Questions about their thyroid health from strangers

Olga Khazan in The Atlantic on how much money women have to squander on having a socially acceptable face. (Talk about cisnormative…)

The cosmetics industry makes $60 billion each year. The personal-finance site Mint claims the average woman will spend $15,000 on the stuff in her lifetime. It also costs time. My weekday morning makeup routine takes 10 minutes. That’s roughly an hour per week, or two full days per year. Last year, the Today show pegged this number even higher, at two weeks per year per woman.

Lucky me! That’s ten extra minutes I have each day to spend on saying random things on Facebook.

That’s just me though.

It’s true that some women never wear makeup for various reasons. Some look better without it than others do. Some object on principle, or prefer to maintain a vaguely earthy-crunchy vibe. Others simply don’t have the time, can’t afford it, or have jobs that don’t involve interacting with others.

Well all of that treats wearing makeup as the default, and not wearing it as something that requires an explanation – a reason, a causality. That’s silly. The default should be not wearing it, because it’s a very odd thing to do, when you think about it. I have thought about it, and I find it very odd. Put bits of wax and blobs of goo on your face? No thanks – that would be uncomfortable, and I don’t want to do it. Of course I did want to do it as a child, when I was too young to do it for real so it had the allure of being a Grownup thing. But once I was old enough to do it for real I lost all taste for it, permanently.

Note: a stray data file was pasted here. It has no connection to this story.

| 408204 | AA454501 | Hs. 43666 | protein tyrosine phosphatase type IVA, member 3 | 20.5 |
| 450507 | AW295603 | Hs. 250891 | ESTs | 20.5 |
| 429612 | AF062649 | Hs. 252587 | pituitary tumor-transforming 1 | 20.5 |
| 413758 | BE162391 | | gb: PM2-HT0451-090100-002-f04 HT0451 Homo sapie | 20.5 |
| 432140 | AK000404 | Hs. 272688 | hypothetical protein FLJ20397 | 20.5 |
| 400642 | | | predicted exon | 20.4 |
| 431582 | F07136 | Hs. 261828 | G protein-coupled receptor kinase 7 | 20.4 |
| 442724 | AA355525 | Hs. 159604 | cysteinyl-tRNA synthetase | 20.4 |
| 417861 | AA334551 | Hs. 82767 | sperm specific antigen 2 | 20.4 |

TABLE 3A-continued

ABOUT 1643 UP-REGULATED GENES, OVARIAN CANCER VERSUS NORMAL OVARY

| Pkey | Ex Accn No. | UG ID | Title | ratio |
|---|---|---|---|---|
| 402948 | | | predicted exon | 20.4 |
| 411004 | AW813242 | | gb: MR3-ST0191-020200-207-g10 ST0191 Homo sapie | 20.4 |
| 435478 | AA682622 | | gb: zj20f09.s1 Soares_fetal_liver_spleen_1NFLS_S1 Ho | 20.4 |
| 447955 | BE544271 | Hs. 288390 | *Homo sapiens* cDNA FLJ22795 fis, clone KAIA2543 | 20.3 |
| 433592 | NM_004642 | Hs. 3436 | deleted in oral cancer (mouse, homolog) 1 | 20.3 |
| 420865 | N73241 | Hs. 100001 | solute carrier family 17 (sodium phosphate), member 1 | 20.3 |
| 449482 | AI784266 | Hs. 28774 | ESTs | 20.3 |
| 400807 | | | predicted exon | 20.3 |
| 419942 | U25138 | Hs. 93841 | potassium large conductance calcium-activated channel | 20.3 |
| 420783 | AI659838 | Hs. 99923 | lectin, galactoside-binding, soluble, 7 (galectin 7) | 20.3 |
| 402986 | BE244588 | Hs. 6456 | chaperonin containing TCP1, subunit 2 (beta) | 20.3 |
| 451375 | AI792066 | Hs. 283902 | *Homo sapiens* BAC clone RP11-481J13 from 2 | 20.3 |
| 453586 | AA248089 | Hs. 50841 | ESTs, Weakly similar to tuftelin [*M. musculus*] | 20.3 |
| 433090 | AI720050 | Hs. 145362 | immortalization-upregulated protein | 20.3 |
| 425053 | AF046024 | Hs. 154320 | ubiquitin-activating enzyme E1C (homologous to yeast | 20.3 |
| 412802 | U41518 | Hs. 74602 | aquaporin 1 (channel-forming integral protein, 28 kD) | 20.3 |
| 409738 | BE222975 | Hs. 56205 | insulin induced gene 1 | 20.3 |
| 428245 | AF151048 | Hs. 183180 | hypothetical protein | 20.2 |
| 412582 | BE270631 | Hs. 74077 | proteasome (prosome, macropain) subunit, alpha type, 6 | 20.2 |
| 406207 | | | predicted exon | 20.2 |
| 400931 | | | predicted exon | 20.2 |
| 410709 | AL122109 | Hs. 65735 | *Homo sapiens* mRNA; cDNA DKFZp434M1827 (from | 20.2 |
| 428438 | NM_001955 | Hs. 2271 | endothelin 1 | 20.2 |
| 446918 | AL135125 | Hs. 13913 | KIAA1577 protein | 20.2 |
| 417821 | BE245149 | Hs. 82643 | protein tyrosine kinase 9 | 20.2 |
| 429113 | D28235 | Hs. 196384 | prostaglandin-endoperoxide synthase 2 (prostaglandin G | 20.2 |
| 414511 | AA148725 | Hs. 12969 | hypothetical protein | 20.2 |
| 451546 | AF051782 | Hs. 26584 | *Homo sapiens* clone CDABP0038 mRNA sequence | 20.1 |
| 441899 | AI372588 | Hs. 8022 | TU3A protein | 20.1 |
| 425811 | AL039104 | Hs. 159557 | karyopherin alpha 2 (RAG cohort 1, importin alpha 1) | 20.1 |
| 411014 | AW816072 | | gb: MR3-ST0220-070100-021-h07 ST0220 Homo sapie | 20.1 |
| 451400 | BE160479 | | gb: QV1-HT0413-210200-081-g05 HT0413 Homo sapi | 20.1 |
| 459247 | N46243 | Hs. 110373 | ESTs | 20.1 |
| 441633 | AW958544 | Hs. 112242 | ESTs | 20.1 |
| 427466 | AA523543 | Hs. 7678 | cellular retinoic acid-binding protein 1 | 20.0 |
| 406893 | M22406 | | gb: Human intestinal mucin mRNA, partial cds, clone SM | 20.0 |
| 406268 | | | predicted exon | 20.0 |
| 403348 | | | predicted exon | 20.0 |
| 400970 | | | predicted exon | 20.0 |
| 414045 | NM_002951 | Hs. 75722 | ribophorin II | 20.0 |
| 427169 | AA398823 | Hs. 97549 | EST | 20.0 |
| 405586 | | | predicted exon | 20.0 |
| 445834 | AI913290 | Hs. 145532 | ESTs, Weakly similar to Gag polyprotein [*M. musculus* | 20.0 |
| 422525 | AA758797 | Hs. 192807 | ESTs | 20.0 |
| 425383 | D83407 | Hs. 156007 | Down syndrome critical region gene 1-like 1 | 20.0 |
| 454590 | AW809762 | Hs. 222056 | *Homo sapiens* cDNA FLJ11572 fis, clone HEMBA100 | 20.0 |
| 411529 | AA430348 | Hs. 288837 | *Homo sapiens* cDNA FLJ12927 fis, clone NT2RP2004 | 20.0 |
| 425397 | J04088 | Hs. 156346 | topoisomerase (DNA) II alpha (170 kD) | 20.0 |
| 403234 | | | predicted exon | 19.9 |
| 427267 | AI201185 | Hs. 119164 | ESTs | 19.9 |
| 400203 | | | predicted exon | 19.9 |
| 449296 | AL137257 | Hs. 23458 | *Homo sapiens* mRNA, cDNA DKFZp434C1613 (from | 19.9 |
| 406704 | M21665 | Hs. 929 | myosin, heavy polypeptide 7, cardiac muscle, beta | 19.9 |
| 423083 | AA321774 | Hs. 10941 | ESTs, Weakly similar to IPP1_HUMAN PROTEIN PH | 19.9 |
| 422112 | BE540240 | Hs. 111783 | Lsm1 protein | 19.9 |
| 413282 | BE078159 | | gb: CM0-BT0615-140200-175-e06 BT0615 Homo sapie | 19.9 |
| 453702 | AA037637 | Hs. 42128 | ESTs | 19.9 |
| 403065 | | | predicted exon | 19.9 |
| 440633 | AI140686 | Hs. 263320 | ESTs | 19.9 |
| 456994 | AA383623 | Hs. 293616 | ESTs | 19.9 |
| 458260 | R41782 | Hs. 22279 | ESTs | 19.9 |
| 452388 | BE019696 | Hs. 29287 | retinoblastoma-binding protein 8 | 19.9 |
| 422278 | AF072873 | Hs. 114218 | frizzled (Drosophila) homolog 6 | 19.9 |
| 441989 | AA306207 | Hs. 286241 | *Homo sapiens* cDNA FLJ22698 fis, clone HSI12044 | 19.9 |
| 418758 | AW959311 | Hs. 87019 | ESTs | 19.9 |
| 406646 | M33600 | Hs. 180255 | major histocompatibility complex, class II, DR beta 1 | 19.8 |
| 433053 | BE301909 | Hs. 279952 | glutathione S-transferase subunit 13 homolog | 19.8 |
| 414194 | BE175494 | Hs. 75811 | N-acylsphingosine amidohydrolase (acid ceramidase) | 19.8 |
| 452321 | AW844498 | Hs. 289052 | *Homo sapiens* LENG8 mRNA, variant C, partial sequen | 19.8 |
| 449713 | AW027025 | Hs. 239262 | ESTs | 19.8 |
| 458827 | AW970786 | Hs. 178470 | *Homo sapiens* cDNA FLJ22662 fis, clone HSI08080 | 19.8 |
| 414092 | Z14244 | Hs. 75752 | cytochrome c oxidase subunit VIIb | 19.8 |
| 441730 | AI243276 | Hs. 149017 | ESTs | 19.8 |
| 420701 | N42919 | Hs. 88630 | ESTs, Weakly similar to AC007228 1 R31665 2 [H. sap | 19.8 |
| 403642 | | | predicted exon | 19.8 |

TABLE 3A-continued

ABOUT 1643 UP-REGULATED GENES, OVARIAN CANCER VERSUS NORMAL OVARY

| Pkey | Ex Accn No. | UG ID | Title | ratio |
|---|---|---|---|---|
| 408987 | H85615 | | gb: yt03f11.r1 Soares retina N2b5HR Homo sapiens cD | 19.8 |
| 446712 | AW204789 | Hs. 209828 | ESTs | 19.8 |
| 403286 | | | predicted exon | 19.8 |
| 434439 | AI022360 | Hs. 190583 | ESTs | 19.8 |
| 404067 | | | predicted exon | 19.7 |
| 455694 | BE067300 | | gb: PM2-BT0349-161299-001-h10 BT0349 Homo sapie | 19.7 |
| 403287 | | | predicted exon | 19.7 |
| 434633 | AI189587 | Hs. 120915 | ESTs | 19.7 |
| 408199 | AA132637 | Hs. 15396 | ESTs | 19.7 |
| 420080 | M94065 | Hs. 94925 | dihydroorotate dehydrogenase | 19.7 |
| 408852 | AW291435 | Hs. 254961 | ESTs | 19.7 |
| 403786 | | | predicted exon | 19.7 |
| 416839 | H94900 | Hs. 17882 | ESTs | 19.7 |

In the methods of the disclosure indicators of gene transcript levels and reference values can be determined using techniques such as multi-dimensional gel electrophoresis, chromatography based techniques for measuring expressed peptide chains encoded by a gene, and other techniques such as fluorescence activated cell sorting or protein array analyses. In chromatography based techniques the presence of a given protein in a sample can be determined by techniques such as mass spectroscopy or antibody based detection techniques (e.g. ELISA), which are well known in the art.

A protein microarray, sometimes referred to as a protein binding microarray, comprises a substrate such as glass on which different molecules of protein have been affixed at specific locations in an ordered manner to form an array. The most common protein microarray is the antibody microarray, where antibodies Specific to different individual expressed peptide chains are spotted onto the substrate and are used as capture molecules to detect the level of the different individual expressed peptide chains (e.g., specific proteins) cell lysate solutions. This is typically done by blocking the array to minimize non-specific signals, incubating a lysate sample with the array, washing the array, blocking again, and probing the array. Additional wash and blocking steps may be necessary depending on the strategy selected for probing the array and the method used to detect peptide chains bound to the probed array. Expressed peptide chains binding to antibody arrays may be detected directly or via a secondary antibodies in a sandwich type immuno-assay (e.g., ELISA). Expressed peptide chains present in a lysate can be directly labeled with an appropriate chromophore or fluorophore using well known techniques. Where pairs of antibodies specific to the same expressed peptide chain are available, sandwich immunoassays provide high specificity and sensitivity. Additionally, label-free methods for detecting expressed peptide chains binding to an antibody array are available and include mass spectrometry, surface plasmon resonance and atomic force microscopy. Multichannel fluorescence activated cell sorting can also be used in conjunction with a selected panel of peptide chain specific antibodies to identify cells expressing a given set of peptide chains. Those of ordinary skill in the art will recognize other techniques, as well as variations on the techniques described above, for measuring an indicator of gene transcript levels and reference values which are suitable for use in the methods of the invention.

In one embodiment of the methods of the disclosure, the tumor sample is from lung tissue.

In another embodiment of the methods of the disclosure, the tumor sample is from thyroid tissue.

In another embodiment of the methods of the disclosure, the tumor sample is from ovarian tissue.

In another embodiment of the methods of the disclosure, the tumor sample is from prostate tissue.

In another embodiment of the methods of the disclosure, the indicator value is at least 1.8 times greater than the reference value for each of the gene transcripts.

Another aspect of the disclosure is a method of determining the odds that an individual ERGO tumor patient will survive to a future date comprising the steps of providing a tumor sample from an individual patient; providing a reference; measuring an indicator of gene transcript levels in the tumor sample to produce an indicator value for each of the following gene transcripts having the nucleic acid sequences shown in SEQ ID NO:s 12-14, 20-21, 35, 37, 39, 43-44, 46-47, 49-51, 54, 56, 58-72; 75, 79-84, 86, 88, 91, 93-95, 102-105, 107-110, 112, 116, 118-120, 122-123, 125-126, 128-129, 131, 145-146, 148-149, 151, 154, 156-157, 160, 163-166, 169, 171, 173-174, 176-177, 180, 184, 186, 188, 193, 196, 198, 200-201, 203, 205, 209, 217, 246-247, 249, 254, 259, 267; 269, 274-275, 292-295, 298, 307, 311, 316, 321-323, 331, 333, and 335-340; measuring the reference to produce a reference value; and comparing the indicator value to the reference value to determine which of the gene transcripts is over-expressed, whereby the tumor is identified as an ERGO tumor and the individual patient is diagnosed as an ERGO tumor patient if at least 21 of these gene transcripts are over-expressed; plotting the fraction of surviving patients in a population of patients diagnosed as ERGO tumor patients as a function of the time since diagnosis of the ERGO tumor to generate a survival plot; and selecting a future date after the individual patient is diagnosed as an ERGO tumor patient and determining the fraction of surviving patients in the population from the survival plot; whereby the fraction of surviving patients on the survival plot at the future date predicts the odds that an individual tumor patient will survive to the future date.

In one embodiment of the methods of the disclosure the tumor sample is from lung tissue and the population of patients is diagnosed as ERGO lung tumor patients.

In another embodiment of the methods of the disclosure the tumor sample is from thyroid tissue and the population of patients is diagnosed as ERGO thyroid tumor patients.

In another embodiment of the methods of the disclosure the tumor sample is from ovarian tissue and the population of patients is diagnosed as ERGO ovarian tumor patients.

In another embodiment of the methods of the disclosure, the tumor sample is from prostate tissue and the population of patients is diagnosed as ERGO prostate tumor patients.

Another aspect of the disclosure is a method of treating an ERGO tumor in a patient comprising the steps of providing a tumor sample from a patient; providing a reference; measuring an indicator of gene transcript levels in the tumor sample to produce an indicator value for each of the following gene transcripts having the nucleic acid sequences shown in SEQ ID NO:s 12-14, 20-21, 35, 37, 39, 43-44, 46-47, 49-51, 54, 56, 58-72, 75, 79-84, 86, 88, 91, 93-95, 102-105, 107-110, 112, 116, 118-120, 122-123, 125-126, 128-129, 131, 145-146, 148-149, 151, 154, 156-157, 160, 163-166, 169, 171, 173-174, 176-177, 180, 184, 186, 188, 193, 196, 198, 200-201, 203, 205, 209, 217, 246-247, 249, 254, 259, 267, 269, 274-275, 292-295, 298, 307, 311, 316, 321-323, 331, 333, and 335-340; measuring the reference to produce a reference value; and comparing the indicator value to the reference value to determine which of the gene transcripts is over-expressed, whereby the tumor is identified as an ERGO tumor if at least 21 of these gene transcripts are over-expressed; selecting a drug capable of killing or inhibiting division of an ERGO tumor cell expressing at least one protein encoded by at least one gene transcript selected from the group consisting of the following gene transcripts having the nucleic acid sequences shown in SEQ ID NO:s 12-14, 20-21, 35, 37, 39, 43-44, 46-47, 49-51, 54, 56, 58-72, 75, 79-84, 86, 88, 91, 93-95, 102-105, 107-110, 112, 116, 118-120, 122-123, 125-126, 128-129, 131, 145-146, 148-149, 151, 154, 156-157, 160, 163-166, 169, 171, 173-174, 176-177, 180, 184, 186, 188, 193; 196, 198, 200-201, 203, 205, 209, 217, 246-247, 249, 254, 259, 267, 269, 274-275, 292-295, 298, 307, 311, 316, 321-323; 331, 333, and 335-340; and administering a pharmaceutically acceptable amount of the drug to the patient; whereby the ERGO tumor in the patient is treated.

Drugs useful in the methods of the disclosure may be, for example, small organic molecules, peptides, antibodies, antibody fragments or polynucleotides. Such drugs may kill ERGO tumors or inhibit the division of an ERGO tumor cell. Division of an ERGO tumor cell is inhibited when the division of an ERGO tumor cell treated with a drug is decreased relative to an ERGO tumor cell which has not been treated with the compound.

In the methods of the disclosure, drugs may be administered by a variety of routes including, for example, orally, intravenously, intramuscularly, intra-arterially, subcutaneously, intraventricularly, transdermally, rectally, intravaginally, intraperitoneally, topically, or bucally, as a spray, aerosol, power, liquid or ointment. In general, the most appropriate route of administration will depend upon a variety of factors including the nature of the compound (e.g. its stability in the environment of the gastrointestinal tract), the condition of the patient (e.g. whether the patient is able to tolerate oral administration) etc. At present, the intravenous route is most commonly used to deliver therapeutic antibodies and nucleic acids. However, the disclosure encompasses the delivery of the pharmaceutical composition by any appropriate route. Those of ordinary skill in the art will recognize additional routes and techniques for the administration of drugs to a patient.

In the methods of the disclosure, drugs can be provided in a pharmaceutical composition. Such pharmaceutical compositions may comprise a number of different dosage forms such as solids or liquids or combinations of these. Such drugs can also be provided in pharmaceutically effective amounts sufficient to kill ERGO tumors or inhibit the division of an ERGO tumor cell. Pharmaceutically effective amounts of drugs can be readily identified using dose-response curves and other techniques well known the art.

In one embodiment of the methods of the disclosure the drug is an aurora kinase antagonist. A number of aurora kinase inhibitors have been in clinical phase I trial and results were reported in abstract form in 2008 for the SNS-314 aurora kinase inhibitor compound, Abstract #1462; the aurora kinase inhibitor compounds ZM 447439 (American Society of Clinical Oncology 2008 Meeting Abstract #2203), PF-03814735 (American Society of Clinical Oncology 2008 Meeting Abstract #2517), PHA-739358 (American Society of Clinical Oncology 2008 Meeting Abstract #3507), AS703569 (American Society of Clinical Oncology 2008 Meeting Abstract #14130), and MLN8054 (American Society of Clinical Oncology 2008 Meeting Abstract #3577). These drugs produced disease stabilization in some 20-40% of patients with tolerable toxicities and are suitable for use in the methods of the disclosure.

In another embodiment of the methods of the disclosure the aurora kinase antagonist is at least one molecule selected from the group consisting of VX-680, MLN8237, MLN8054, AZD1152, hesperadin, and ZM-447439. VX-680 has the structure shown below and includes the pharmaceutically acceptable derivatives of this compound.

The part about having a job that doesn’t involve interacting with others is relevant though. My laptop doesn’t give a shit what’s on my face.

Makeup, in short, is a norm, and nothing ruins a first impression like a norm violation. Some women contend they only wear makeup to “boost their confidence,” but the reason they feel less confident when they don’t wear it is that there’s an expectation they will.

Exactly. It’s the same reason we would all feel less confident if we went out without any pants on – there’s an expectation that we will wear pants, even if only the minimal shorts necessary to cover our bums and genitals. The makeup expectation is probably a little bit more expendable.

So, what can be done about it? Workplace policies that allow employees to work from home, where their facial-contrast levels are judged only by their cats, could be an immediate help. So could including more bare-faced women in TV shows and magazine spreads.

For more enduring change, women could just stop wearing makeup. But unless we all did it in unison, it’s likely that the holdouts would continue to reap benefits while the au naturel protesters would continue to field questions about their thyroid health from strangers.

It’s the tragedy of the commons, innit. Always a bear to deal with.

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